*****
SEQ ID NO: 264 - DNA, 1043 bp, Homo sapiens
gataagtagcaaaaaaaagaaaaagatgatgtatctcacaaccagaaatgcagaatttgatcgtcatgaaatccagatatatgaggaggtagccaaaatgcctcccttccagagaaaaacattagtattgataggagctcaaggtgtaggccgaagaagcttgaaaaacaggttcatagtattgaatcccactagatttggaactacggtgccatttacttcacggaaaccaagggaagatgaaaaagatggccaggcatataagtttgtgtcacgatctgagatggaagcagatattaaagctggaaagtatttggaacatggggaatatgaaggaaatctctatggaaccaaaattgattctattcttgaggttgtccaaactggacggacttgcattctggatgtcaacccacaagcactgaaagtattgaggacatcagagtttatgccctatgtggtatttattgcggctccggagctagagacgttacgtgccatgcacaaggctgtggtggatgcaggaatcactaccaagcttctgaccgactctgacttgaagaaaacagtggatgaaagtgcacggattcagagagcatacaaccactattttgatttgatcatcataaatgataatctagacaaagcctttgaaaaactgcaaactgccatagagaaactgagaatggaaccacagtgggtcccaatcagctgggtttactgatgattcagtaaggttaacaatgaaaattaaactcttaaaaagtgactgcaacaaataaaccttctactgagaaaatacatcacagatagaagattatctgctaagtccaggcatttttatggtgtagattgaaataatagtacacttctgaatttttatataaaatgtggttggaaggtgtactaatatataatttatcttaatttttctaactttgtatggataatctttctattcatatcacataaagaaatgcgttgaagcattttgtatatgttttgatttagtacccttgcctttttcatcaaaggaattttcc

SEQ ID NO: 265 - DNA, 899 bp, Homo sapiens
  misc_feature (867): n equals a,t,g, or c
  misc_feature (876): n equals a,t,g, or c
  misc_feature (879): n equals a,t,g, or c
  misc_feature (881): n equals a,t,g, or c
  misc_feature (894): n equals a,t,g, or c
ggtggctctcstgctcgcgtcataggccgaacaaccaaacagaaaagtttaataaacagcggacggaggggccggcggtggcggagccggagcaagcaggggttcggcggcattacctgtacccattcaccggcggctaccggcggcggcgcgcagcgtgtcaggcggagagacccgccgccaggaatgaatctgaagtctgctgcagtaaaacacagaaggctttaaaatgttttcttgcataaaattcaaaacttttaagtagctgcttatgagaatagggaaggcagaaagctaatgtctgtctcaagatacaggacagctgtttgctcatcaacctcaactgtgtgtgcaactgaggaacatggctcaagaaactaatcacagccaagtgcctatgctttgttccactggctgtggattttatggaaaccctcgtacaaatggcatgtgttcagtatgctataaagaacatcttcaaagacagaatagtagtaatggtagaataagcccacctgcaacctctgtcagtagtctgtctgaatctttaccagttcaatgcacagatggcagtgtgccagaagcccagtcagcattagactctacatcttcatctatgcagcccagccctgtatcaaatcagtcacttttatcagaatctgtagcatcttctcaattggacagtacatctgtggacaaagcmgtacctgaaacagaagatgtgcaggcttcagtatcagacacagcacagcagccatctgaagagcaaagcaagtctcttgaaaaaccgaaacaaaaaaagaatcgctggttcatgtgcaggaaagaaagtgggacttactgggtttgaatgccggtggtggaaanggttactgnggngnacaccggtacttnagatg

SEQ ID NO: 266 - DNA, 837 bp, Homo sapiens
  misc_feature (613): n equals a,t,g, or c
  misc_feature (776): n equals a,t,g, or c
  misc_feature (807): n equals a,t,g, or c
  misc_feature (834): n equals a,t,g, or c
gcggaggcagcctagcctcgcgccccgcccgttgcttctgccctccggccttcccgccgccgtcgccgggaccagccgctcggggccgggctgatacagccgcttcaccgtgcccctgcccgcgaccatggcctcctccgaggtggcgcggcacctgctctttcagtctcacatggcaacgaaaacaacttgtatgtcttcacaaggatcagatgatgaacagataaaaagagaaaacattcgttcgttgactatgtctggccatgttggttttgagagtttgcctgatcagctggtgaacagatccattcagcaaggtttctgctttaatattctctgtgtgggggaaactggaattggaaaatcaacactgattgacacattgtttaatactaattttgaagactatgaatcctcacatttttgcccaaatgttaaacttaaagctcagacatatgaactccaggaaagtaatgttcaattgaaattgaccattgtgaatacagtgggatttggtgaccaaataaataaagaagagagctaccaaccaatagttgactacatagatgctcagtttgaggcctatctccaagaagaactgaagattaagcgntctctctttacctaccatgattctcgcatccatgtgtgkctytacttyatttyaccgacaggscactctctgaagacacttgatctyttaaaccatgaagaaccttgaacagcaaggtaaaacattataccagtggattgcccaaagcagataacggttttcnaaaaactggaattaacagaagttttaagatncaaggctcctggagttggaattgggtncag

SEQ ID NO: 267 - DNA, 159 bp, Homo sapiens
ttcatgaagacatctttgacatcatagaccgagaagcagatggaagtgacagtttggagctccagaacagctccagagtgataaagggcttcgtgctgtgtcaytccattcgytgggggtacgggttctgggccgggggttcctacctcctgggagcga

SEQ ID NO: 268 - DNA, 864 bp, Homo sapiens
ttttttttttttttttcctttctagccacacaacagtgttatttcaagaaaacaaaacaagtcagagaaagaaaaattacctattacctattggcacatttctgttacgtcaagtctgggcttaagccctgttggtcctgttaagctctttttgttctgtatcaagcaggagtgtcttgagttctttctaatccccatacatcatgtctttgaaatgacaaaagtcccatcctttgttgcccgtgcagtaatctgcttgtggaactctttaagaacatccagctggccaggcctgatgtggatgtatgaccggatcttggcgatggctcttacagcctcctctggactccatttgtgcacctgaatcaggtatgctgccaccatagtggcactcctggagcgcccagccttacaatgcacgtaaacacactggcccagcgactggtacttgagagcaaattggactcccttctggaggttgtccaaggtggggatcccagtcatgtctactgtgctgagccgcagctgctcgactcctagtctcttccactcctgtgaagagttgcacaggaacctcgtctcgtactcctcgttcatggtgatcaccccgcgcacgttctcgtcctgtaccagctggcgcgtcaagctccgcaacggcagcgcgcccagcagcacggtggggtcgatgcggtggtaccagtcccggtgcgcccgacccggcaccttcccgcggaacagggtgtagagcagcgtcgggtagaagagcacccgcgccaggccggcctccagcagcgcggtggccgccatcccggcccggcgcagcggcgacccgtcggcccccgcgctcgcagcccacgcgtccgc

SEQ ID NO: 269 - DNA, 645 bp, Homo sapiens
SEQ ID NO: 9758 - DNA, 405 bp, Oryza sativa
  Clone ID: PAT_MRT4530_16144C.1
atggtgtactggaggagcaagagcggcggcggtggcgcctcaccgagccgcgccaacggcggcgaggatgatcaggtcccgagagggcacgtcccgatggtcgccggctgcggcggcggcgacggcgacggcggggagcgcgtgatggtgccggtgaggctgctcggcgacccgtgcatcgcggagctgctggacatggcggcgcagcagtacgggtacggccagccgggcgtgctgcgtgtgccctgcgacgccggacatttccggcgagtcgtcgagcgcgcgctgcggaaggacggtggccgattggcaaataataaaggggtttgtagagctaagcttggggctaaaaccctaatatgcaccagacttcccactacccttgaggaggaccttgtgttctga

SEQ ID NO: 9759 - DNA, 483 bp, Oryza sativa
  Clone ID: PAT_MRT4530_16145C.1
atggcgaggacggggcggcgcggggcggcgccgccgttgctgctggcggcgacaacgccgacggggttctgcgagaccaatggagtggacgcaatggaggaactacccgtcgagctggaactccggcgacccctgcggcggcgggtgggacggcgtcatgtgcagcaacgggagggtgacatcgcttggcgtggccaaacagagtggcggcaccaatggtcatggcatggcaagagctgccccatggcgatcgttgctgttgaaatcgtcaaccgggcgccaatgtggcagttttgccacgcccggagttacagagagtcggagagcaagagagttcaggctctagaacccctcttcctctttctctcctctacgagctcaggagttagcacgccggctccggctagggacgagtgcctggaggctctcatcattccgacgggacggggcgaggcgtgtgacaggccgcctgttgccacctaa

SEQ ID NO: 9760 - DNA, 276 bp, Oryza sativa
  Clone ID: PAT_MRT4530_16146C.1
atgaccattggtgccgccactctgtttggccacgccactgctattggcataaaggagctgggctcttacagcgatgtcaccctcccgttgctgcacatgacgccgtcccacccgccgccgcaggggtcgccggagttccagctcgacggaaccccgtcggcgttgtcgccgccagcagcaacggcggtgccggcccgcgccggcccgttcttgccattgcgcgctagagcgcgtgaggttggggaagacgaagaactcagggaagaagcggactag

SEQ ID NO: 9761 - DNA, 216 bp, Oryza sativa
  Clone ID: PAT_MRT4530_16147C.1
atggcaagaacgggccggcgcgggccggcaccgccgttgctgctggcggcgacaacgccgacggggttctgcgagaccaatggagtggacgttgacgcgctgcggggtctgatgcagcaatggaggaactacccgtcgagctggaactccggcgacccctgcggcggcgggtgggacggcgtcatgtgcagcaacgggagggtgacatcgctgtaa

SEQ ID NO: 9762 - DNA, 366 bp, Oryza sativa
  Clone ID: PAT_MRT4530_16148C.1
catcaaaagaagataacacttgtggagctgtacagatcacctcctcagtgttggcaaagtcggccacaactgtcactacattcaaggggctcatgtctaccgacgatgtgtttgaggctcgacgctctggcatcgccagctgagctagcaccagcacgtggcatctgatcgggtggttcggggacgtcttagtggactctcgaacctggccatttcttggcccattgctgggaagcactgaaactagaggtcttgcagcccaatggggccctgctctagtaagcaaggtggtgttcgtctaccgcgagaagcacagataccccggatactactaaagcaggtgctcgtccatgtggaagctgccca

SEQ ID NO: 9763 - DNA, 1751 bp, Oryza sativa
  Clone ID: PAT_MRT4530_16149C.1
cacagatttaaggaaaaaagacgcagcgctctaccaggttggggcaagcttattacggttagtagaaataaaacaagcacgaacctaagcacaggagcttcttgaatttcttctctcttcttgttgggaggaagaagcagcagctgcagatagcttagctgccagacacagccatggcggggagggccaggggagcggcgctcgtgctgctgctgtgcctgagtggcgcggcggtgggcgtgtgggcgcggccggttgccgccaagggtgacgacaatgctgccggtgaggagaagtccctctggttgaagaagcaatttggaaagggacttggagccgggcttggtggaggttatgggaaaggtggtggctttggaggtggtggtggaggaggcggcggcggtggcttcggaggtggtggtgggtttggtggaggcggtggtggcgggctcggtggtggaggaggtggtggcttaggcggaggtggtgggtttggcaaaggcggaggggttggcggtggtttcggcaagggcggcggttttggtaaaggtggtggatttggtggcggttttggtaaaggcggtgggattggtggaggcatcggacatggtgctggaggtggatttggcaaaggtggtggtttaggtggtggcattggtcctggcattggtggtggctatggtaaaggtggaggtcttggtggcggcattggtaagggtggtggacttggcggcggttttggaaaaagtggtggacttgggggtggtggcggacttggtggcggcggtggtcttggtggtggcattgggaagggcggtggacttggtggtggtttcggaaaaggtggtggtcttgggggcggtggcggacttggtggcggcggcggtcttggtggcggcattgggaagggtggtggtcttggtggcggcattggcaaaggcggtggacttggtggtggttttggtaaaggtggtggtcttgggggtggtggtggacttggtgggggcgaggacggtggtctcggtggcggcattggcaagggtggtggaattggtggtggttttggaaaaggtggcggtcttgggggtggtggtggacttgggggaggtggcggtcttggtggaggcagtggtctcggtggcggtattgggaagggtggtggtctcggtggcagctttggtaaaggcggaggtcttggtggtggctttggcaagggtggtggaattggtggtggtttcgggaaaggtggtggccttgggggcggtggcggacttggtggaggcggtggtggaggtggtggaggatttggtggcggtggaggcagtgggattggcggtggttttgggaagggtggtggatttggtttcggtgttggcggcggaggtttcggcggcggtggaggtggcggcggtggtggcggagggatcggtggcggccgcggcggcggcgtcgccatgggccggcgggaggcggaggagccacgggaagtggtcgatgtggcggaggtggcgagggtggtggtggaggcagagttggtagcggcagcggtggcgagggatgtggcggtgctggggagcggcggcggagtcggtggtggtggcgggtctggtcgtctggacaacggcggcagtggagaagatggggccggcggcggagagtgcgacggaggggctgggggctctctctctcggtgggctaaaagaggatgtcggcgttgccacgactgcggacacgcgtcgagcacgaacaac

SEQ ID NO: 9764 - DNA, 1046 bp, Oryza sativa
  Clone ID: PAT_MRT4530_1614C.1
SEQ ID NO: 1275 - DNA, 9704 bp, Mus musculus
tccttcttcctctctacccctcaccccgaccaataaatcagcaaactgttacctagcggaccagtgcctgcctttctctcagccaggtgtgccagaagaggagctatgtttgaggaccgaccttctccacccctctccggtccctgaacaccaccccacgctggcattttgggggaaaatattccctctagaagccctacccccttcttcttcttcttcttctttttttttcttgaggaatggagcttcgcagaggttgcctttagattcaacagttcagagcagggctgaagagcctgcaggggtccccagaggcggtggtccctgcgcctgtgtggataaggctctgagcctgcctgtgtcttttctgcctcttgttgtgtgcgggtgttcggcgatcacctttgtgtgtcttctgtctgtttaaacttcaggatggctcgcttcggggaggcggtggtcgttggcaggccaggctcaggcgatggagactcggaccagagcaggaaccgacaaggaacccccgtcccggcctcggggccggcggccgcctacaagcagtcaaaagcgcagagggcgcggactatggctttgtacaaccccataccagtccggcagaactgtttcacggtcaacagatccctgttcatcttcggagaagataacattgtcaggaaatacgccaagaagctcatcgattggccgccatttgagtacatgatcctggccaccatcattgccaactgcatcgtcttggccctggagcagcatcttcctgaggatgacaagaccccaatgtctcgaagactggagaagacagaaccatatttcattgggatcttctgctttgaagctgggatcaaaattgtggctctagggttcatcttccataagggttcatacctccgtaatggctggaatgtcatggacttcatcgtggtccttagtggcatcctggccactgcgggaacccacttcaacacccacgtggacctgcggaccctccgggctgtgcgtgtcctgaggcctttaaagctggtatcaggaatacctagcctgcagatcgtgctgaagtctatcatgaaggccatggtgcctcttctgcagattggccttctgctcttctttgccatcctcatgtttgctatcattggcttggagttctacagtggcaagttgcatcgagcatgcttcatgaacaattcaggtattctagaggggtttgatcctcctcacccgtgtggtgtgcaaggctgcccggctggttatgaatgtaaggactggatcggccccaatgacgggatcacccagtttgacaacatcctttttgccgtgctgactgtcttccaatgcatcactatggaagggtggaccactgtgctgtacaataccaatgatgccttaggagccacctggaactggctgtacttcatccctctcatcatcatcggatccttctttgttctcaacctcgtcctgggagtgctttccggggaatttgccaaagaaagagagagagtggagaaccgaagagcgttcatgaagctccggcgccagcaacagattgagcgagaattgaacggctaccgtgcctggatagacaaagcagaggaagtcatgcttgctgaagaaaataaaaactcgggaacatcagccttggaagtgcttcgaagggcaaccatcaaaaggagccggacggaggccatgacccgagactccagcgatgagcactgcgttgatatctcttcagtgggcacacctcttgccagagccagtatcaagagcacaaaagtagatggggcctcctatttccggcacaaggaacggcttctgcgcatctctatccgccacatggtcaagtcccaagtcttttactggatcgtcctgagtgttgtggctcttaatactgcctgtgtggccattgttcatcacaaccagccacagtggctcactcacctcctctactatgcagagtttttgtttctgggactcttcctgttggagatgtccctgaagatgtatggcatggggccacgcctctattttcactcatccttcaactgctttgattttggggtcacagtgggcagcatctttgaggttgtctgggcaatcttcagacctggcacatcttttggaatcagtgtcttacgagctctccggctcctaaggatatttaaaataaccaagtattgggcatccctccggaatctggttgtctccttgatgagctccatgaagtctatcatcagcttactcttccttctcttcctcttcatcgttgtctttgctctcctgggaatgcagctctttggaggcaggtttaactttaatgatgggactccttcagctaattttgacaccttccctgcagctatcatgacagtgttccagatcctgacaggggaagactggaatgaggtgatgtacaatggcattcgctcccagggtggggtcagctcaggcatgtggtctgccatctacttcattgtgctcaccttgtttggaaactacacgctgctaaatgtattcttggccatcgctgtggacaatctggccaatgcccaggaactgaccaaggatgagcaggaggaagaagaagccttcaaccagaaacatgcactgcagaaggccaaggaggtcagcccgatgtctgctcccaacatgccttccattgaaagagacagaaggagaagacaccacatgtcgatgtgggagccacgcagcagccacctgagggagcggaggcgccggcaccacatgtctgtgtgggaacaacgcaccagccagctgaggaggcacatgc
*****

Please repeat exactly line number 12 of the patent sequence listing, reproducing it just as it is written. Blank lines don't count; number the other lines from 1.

  misc_feature (776): n equals a,t,g, or c